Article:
As I mentioned, we feel like that as we see the ramp up, its going to increase the interest and it has to certain extent. But when you have over 1000 pounds of back pressure and high fluid levels in each of these well bores as we had up until just few months ago, you really can accurately calculate what they are capable of doing. And we’re now seeing that it is encouraging, but we need to – we still got well over 200 wells that we haven’t been able to bring into the system, because we couldn’t process.

And so we’re going to approach it differently than we did in the past and that its going to be very focused on the Carroll, Columbia area and we feel like that expands the group that would be interested there, but it’s very high on our priority list, but we don’t want to go through another process, like we went through late in 2012 and early 2013. We’re trying to in accordance and working with Jeffreys. We’re trying to make sure that this is a very successful.

Now, obviously what we've sold in Harrison and Guernsey and Noble counties we got a very good price in our initial deal with AEP.

Mark A. Houser

John, the bottom line is as these wells get turned on line the acreage, and especially in Carroll county and adjacent counties is turning more into proved five acreage and we’re going to packaging it that way as we move forward.

John Ragozzino - RBC Capital Markets

Okay. That’s helpful. Thanks. And then can you just quick update on I guess, if you look at the bottom – the bottlenecking of the entire area, does that change you expectations for cash flow and production from override royalty interest?

Mark A. Houser

The key into the overriding royalty interest is some of the EnerVest acreage that’s in the market starting to get drilled out. We’re seeing some slight increases in the override. That’s when EnerVest is going to drive that bus as I said earlier. And again we’re starting to see more wells drilled around that and hopefully as we move forward in terms of the acreage sale and as then the new operator will accelerate that pretty dramatically.

Michael E. Mercer

Virtually all the acreage that we sold to AEP has a 7.5% override and as you’re aware AEP already has five rigs operating?

John Ragozzino - RBC Capital Markets

I'll let somebody else hop on. Thanks a lot guys.

Operator

Thank you Mr. Ragozzino. The next question comes from Michael [Gaiden] from the Company of Robert W. Baird. Please go ahead.

Unidentified Analyst

Good morning. Thanks for taking my question, gentlemen. Can I please ask Mike, would you update us on your thoughts about the balance sheet and how you see leverage progressing from here?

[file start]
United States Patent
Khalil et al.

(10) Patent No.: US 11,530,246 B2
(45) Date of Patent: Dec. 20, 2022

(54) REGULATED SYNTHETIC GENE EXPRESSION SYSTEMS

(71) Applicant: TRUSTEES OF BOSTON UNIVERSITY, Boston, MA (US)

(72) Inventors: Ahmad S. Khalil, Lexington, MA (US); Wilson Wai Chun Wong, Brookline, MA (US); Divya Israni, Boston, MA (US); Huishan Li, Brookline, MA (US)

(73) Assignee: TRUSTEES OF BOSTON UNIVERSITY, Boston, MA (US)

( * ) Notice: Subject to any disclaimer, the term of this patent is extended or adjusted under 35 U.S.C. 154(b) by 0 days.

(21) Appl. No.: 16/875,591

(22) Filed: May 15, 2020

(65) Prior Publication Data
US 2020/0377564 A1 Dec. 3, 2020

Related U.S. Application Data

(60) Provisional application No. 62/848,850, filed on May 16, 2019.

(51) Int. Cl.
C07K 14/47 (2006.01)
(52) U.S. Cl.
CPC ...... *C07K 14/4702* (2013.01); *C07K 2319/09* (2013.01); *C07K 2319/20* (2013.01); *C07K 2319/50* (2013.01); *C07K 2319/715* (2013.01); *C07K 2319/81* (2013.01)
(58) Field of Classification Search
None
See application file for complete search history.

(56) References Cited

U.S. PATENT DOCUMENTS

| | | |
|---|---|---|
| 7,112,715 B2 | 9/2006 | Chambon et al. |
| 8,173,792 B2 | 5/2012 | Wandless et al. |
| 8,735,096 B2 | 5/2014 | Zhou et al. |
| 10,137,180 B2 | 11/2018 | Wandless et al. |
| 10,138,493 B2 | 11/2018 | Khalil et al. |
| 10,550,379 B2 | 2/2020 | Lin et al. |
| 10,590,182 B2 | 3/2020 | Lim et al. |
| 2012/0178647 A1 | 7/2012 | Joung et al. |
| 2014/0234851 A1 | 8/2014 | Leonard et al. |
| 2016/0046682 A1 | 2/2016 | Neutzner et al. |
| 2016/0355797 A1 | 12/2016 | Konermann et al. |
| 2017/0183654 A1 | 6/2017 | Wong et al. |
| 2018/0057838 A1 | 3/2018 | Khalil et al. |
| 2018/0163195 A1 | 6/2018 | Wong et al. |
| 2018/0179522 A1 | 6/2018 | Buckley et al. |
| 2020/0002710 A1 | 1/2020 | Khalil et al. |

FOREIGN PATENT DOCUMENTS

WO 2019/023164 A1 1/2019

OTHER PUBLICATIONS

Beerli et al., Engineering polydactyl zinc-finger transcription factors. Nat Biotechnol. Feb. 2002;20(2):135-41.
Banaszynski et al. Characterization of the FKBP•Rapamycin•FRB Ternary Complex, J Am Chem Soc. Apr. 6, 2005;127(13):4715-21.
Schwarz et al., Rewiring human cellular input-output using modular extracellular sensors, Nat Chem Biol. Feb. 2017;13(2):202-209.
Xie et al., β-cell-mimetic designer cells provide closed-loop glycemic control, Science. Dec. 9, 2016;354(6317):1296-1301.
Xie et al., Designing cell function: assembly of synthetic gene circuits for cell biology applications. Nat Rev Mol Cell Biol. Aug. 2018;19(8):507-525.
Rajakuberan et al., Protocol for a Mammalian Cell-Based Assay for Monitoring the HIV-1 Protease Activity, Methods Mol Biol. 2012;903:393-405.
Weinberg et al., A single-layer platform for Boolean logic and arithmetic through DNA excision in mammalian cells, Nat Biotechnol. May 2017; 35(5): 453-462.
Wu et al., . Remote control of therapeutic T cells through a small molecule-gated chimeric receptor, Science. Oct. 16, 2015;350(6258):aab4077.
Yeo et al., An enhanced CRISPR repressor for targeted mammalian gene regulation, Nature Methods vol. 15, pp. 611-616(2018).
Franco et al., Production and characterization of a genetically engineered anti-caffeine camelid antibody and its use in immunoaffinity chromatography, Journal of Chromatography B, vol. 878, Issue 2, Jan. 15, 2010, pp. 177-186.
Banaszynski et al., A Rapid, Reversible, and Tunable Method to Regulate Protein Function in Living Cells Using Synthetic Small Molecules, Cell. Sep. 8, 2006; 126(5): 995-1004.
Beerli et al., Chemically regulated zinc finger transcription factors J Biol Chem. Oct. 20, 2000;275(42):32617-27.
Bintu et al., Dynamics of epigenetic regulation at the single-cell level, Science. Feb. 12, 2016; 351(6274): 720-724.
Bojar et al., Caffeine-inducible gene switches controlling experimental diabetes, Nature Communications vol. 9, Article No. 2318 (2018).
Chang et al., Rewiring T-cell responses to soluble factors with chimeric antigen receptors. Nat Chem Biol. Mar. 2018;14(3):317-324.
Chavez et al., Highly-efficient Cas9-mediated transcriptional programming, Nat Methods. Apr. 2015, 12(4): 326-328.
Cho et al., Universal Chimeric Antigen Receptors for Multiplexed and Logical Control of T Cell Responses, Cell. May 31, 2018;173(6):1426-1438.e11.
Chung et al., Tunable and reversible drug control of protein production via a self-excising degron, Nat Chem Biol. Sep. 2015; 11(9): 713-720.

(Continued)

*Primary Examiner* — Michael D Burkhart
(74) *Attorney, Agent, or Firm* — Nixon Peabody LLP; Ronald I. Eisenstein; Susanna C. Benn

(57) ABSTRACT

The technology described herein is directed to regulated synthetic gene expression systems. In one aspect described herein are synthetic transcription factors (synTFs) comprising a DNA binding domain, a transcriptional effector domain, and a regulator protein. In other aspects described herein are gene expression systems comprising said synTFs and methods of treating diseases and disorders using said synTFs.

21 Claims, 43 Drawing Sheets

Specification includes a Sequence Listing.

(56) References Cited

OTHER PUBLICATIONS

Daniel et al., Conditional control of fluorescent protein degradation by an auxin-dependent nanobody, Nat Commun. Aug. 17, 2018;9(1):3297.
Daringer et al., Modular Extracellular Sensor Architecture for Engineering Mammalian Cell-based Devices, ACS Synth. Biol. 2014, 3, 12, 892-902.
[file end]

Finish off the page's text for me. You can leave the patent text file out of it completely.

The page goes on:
Michael E. Mercer

Yes. As you know, we are still, although we’re starting to wind down, still in the capital program on the midstream. We’ll have our final processing train and fractionation should be turned in sometime during the third quarter. So that’s going to start tailing off here pretty quickly. But -- so you should start seeing the increases and debt start to slow down here as we move through the year.

And on the other side of that, on the cash flow side, if you can see if you can see if you go back and look at the guidance that we put out with our fourth quarter earnings, you going to see a pretty good ramp-up in our midstream cash flows as we move through the year from this first quarter through the fourth quarter and continuing into ’15. So, we expect pretty significant increase in our quarterly EBITDA as based on the increase in midstream cash flows that should be coming as all of these trends get tied in and as volumes move up on the midstream side.

Mark A. Houser

And let me clarify something also and I think all of you know this. We don't like high debt levels. We don't like not having more than full coverage when we make distributions and so that something we’re addressing and hopefully we'll have it totally solved. But unlike almost any other company, we have all kinds of monetization options that the other people don’t have. And so whether that’s a midstream business, whether that’s sales of the Utica, whether it's the sale in the Eagle Ford, we’re not going to allow this to persist. And at the same time, I think that you’re seeing that we’re not going to do something stupid in terms of selling this very valuable acreage for less than what we really believe its worth. So we’re really at the point that I do think that this ramp up is going to help us particularly not only for the acreage sales, but its going to help us in terms of visibility of the midstream business.

Unidentified Analyst

Thanks for all that color. Can I ask then related to all that, do you gentlemen feel like you have both adequate liquidity as well as adequate headroom under your covenants to continue to deploy the capital into the midstream assets that do you see ahead of you inclusive of this new expansion of processing capacity?

Michael E. Mercer

Well on the expansion capacity, that’s primarily, that capital -- and as John said, we’re in the process of finalizing this specific timing and capital plans for the expansion and once we have all of that we’ll communicate in more detailed specific timing of capital requirements and the incremental cash flows that we expect off of that. But that incremental amount really for the expansion is really more ’15 and ’16, 2015 and 2016 capital versus this year. At which point we’ll have quite a bit more cash flow under our – from our midstream.